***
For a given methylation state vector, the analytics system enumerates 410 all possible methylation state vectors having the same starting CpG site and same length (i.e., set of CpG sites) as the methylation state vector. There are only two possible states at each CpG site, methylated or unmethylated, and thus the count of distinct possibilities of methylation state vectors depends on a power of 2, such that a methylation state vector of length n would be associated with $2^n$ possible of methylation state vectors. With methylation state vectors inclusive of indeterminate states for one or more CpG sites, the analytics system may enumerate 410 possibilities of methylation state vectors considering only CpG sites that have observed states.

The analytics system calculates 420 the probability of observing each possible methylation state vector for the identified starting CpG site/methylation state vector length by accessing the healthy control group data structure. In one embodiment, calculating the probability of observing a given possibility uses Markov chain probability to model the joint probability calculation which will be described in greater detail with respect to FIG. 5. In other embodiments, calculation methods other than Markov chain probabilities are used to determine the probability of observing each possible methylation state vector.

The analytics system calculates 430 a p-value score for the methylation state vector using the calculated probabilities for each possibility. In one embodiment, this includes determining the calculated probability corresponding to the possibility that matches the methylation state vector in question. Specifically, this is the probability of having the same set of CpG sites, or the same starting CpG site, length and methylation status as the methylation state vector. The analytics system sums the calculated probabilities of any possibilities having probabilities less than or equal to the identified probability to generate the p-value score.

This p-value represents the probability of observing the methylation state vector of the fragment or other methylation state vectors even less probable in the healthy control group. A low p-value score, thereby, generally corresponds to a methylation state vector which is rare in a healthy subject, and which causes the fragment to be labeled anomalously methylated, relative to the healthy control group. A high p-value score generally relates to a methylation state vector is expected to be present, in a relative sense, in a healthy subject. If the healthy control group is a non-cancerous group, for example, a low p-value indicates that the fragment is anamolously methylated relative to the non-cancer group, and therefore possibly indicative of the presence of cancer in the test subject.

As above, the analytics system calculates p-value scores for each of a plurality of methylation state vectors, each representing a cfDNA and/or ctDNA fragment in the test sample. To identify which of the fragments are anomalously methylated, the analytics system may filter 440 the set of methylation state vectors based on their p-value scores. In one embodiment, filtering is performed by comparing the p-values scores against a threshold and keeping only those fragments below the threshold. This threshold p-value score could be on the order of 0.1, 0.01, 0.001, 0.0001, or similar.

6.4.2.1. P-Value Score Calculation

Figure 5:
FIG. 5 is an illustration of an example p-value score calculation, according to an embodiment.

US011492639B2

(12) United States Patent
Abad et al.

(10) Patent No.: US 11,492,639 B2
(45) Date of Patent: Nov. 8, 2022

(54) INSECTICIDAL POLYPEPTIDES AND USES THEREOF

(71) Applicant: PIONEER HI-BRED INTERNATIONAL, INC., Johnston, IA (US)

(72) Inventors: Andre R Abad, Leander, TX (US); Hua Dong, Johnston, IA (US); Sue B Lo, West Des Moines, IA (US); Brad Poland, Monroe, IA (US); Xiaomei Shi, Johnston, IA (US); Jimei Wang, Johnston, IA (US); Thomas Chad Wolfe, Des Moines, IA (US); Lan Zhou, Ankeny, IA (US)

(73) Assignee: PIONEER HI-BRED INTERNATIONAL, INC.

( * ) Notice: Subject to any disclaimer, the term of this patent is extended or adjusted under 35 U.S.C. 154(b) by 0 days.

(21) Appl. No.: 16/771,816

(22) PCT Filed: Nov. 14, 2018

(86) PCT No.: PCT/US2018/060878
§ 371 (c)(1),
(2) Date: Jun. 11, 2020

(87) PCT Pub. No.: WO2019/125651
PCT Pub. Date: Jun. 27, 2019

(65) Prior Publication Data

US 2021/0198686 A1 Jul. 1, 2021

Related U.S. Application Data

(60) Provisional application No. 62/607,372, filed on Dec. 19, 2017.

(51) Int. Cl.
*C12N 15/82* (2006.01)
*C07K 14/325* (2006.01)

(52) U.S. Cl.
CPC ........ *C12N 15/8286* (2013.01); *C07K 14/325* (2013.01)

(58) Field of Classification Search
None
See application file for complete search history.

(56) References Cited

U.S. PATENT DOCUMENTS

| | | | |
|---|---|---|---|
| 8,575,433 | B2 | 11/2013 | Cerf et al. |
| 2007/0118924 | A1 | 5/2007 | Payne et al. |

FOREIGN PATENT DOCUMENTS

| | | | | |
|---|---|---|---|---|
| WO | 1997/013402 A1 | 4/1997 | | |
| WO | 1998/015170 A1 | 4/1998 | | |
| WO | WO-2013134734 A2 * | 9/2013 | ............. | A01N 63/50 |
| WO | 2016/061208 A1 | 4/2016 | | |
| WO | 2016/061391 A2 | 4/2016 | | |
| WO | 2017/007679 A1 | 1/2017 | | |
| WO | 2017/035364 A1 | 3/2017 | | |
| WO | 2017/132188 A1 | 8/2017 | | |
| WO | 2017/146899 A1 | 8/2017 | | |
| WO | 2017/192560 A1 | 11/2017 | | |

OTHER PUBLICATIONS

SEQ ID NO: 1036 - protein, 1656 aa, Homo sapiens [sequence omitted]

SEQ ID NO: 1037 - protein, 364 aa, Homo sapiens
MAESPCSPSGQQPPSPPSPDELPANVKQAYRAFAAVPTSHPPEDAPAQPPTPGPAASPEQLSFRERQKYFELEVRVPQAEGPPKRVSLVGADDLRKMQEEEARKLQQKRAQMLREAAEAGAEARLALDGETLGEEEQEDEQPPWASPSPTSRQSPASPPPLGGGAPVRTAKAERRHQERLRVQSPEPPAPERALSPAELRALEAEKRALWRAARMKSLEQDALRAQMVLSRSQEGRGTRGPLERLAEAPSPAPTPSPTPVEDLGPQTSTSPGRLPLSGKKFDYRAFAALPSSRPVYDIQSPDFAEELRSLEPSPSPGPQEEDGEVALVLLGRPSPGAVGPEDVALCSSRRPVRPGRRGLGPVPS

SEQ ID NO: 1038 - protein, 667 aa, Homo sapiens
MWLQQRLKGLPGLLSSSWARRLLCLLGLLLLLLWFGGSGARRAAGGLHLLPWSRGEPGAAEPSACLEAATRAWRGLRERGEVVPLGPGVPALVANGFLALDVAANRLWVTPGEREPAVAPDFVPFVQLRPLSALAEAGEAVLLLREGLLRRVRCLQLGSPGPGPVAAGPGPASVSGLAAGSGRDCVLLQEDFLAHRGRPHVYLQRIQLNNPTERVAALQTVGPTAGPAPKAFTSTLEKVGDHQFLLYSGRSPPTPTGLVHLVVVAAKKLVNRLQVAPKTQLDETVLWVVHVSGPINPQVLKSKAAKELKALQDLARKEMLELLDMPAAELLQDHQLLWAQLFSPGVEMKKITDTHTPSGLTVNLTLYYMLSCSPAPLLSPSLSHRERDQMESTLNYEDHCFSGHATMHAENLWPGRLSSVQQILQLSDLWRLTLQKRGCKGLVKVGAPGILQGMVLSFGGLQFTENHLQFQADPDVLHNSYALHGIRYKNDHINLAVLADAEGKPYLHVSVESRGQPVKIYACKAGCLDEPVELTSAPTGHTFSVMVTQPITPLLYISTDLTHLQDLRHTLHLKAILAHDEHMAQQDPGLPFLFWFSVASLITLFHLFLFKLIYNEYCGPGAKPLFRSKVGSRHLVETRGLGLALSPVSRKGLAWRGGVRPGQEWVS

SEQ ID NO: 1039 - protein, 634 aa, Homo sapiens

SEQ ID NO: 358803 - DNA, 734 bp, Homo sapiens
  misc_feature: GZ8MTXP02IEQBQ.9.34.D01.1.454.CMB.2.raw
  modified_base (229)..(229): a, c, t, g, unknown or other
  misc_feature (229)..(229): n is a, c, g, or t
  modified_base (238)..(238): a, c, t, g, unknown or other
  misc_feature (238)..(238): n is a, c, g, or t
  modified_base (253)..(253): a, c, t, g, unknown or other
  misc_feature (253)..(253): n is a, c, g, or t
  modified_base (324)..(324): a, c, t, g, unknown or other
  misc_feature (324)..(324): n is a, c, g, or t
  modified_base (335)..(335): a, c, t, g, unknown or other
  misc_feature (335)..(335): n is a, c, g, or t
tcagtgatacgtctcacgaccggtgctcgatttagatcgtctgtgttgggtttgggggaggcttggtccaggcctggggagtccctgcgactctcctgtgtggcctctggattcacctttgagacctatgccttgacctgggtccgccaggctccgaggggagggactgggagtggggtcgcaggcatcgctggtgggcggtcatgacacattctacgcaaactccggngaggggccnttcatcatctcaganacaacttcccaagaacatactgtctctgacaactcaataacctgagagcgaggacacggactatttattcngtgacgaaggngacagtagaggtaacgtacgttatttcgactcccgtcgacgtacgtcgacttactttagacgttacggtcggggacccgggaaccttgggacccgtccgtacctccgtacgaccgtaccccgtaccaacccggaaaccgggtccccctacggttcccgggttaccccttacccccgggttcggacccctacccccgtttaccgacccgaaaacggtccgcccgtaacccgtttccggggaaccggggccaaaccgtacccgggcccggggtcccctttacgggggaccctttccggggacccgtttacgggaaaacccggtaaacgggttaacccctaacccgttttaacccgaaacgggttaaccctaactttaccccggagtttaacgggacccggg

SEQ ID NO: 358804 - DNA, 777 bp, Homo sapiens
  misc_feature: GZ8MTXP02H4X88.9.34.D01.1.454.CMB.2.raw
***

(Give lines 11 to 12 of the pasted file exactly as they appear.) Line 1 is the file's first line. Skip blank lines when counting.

Abad et al.

(10) Patent No.: US 11,492,639 B2